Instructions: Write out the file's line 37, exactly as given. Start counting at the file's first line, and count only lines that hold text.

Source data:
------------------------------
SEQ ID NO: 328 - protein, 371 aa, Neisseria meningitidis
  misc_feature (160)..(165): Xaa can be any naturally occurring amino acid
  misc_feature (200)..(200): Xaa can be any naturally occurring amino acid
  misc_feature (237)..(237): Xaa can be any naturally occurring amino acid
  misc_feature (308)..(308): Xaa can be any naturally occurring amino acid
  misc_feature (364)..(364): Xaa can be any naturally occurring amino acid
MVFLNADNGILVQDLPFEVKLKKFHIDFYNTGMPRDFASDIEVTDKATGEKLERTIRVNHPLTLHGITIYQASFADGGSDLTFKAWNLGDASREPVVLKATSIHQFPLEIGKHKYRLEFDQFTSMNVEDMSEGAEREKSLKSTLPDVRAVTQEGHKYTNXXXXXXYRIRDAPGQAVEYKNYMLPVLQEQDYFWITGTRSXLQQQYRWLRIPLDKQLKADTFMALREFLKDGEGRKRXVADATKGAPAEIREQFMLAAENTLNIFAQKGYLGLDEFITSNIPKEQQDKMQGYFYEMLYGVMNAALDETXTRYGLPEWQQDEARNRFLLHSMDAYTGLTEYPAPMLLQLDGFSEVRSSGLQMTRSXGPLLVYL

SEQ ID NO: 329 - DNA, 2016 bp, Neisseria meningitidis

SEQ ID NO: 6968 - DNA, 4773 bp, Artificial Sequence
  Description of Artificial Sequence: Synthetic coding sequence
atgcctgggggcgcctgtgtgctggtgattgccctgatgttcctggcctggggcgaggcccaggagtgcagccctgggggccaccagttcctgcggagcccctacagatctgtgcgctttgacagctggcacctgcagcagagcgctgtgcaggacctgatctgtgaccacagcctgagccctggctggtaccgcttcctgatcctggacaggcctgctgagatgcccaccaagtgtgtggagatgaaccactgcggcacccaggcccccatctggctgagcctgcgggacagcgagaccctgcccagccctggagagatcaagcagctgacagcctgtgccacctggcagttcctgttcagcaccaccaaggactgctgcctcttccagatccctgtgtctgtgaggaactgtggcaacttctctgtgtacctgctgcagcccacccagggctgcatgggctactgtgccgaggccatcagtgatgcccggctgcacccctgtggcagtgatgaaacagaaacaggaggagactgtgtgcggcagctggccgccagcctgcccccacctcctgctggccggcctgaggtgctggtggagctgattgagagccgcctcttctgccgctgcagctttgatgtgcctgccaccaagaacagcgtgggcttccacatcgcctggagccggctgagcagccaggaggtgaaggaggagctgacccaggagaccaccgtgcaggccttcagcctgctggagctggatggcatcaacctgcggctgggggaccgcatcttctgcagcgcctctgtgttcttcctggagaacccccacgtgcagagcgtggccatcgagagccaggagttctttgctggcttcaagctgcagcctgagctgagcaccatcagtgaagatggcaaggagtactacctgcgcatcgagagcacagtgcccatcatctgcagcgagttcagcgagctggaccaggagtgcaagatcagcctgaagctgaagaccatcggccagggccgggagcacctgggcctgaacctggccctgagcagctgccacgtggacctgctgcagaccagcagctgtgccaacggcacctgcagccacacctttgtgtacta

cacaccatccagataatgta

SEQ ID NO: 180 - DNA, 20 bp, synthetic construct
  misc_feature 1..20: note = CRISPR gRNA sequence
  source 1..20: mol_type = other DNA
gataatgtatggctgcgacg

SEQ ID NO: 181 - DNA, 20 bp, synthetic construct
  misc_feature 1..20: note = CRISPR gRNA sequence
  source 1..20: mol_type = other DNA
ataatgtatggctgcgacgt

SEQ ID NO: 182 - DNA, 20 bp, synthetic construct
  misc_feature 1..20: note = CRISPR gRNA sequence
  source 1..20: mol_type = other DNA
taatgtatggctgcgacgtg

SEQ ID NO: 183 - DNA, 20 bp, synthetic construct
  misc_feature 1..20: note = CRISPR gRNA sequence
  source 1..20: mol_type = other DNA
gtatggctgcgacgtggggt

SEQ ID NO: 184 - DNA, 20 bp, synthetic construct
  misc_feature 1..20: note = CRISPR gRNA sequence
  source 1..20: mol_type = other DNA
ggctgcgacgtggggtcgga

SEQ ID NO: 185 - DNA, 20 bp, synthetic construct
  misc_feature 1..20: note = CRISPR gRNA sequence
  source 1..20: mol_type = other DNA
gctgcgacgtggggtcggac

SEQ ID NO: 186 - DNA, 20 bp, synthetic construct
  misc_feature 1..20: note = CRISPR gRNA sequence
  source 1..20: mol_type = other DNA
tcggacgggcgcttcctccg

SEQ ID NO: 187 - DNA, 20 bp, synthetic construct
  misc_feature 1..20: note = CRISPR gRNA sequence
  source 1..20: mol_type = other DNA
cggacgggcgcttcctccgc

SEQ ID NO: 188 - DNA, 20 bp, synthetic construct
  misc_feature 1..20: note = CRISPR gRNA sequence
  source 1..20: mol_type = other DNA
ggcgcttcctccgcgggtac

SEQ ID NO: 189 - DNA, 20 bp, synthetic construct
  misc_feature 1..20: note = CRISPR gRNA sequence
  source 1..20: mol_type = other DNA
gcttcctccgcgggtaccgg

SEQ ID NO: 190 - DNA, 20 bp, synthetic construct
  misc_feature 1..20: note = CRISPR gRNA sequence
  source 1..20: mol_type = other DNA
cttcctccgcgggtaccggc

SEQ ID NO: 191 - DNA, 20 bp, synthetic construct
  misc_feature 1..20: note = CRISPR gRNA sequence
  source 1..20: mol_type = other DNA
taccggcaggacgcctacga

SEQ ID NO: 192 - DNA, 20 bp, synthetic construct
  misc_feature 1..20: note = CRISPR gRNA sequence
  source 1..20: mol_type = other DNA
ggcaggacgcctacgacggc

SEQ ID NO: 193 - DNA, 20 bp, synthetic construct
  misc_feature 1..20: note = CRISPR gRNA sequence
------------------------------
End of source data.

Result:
SEQ ID NO: 186 - DNA, 20 bp, synthetic construct